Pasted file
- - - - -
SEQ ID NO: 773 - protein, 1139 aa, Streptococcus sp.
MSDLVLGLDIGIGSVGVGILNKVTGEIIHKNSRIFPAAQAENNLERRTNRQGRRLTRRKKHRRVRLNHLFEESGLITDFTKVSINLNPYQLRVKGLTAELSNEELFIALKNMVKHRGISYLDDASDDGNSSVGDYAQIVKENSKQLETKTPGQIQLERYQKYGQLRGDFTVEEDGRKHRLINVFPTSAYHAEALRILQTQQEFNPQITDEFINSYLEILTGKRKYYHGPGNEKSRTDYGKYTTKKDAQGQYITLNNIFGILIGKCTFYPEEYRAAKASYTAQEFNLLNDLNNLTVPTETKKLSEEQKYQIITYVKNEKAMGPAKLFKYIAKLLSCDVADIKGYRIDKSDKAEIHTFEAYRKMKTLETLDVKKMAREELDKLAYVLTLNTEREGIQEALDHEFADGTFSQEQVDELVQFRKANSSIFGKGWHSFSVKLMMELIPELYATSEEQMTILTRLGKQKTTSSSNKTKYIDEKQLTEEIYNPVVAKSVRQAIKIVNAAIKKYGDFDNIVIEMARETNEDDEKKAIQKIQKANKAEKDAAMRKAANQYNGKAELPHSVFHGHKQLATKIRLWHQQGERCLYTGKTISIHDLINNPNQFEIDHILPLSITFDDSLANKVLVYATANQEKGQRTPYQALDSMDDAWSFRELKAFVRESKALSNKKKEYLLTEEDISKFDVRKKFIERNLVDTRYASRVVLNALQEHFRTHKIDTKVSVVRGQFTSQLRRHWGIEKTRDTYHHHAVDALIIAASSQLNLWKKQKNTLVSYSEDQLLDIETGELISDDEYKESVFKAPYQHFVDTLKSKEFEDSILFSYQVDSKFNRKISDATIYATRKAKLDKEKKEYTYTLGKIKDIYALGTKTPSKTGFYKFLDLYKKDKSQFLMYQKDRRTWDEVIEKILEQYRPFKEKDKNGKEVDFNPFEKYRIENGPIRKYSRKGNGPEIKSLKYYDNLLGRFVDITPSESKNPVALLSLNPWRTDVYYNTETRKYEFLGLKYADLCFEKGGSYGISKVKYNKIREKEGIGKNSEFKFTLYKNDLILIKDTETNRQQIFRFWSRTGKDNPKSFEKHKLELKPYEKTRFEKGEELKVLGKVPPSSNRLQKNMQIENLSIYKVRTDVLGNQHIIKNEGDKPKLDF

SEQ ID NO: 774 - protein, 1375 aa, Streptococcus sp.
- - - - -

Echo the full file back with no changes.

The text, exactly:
SEQ ID NO: 773 - protein, 1139 aa, Streptococcus sp.
MSDLVLGLDIGIGSVGVGILNKVTGEIIHKNSRIFPAAQAENNLERRTNRQGRRLTRRKKHRRVRLNHLFEESGLITDFTKVSINLNPYQLRVKGLTAELSNEELFIALKNMVKHRGISYLDDASDDGNSSVGDYAQIVKENSKQLETKTPGQIQLERYQKYGQLRGDFTVEEDGRKHRLINVFPTSAYHAEALRILQTQQEFNPQITDEFINSYLEILTGKRKYYHGPGNEKSRTDYGKYTTKKDAQGQYITLNNIFGILIGKCTFYPEEYRAAKASYTAQEFNLLNDLNNLTVPTETKKLSEEQKYQIITYVKNEKAMGPAKLFKYIAKLLSCDVADIKGYRIDKSDKAEIHTFEAYRKMKTLETLDVKKMAREELDKLAYVLTLNTEREGIQEALDHEFADGTFSQEQVDELVQFRKANSSIFGKGWHSFSVKLMMELIPELYATSEEQMTILTRLGKQKTTSSSNKTKYIDEKQLTEEIYNPVVAKSVRQAIKIVNAAIKKYGDFDNIVIEMARETNEDDEKKAIQKIQKANKAEKDAAMRKAANQYNGKAELPHSVFHGHKQLATKIRLWHQQGERCLYTGKTISIHDLINNPNQFEIDHILPLSITFDDSLANKVLVYATANQEKGQRTPYQALDSMDDAWSFRELKAFVRESKALSNKKKEYLLTEEDISKFDVRKKFIERNLVDTRYASRVVLNALQEHFRTHKIDTKVSVVRGQFTSQLRRHWGIEKTRDTYHHHAVDALIIAASSQLNLWKKQKNTLVSYSEDQLLDIETGELISDDEYKESVFKAPYQHFVDTLKSKEFEDSILFSYQVDSKFNRKISDATIYATRKAKLDKEKKEYTYTLGKIKDIYALGTKTPSKTGFYKFLDLYKKDKSQFLMYQKDRRTWDEVIEKILEQYRPFKEKDKNGKEVDFNPFEKYRIENGPIRKYSRKGNGPEIKSLKYYDNLLGRFVDITPSESKNPVALLSLNPWRTDVYYNTETRKYEFLGLKYADLCFEKGGSYGISKVKYNKIREKEGIGKNSEFKFTLYKNDLILIKDTETNRQQIFRFWSRTGKDNPKSFEKHKLELKPYEKTRFEKGEELKVLGKVPPSSNRLQKNMQIENLSIYKVRTDVLGNQHIIKNEGDKPKLDF

SEQ ID NO: 774 - protein, 1375 aa, Streptococcus sp.